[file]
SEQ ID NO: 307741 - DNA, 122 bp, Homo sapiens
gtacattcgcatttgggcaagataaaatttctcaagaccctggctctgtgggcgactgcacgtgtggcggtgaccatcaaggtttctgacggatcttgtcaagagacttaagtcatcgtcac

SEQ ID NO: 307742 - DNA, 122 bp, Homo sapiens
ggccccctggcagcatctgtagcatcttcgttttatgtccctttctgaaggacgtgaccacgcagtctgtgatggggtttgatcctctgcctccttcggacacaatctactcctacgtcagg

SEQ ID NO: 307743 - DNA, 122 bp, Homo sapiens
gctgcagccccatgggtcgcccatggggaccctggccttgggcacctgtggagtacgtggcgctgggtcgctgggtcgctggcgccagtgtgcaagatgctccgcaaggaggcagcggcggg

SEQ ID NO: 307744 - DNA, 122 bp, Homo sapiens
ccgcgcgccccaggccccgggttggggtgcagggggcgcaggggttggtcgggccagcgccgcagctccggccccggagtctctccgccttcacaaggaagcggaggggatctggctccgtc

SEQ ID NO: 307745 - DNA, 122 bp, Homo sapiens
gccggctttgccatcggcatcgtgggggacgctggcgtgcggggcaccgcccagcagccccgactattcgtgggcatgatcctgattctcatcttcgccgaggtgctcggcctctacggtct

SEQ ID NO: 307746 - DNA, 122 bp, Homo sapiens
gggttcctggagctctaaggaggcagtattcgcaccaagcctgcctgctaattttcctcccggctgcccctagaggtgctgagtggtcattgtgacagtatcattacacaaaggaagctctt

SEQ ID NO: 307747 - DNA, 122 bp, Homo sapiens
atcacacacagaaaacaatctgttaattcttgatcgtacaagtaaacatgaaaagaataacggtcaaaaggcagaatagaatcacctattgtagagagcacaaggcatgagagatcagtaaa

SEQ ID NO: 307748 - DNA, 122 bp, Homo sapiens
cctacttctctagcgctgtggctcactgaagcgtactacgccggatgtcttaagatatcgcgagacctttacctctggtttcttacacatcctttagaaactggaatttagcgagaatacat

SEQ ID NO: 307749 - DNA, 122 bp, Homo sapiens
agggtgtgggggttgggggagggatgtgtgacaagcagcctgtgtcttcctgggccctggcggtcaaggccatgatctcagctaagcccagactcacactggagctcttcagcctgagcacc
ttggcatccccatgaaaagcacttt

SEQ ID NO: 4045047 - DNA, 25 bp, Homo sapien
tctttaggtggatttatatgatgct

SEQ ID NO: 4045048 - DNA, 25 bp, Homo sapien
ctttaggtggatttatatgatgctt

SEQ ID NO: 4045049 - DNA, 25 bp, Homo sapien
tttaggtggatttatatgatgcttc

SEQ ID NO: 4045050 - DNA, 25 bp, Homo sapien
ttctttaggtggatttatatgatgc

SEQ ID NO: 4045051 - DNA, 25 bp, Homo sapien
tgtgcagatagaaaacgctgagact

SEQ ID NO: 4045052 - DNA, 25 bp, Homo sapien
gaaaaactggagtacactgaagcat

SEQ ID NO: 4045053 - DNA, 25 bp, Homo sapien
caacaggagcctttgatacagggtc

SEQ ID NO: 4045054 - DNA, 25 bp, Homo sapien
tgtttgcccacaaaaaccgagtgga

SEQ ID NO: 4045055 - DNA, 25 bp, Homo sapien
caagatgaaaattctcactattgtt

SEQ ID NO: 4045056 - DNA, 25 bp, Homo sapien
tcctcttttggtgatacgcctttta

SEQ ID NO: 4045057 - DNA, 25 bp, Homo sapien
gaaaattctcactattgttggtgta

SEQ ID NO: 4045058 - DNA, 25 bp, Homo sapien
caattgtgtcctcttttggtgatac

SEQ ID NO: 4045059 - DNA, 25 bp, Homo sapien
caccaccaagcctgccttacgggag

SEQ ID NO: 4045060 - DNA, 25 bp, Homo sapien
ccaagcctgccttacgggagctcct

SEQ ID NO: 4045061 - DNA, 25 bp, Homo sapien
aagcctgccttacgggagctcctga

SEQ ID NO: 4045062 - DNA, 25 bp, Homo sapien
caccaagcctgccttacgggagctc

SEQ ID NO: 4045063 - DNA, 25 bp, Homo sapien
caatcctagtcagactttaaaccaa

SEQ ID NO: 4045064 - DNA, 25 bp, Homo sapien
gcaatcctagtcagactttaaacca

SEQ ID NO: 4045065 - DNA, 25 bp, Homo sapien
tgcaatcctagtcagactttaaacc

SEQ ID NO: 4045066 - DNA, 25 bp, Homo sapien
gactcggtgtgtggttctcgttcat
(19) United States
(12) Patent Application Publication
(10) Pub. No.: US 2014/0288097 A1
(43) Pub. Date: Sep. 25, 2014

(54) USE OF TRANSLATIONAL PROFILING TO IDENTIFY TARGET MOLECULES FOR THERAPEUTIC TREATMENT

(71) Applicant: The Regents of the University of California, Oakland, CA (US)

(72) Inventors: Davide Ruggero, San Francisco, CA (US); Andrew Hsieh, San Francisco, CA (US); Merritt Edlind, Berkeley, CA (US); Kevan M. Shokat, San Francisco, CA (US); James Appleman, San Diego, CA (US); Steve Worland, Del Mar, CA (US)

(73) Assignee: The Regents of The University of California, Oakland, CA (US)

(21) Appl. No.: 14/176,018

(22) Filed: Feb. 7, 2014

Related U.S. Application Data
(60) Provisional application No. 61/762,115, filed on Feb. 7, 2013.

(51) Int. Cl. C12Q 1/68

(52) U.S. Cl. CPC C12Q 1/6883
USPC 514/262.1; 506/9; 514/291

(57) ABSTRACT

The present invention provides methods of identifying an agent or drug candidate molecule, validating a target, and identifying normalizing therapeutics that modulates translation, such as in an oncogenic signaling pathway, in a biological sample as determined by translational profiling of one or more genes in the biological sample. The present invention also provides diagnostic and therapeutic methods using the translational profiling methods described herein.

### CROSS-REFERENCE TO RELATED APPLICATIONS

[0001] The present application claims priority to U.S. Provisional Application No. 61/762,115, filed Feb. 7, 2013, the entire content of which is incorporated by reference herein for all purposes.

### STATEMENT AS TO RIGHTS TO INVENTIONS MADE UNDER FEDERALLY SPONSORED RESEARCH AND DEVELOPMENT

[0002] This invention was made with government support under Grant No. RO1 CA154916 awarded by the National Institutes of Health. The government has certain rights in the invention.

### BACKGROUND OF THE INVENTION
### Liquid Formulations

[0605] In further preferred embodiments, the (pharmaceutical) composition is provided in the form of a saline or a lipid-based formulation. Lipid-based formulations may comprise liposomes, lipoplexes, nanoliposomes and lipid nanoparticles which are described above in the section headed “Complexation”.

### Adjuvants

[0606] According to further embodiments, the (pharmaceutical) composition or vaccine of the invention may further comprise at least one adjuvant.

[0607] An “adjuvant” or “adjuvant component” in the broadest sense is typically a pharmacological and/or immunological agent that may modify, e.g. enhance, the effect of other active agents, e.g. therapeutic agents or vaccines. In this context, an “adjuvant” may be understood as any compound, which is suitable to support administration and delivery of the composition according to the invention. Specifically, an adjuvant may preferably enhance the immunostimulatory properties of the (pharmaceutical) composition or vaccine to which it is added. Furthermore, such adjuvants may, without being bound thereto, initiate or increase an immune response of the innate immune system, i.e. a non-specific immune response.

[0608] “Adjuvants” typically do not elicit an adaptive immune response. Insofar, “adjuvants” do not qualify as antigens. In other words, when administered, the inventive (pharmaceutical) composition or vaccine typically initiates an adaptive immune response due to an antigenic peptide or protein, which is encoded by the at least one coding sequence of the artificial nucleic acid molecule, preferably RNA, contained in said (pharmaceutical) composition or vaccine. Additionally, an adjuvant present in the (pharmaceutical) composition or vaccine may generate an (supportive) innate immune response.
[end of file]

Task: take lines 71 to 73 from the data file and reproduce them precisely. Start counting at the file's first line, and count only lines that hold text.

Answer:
(60) Provisional application No. 61/762,115, filed on Feb. 7, 2013.

(51) Int. Cl. C12Q 1/68

(52) U.S. Cl. CPC C12Q 1/6883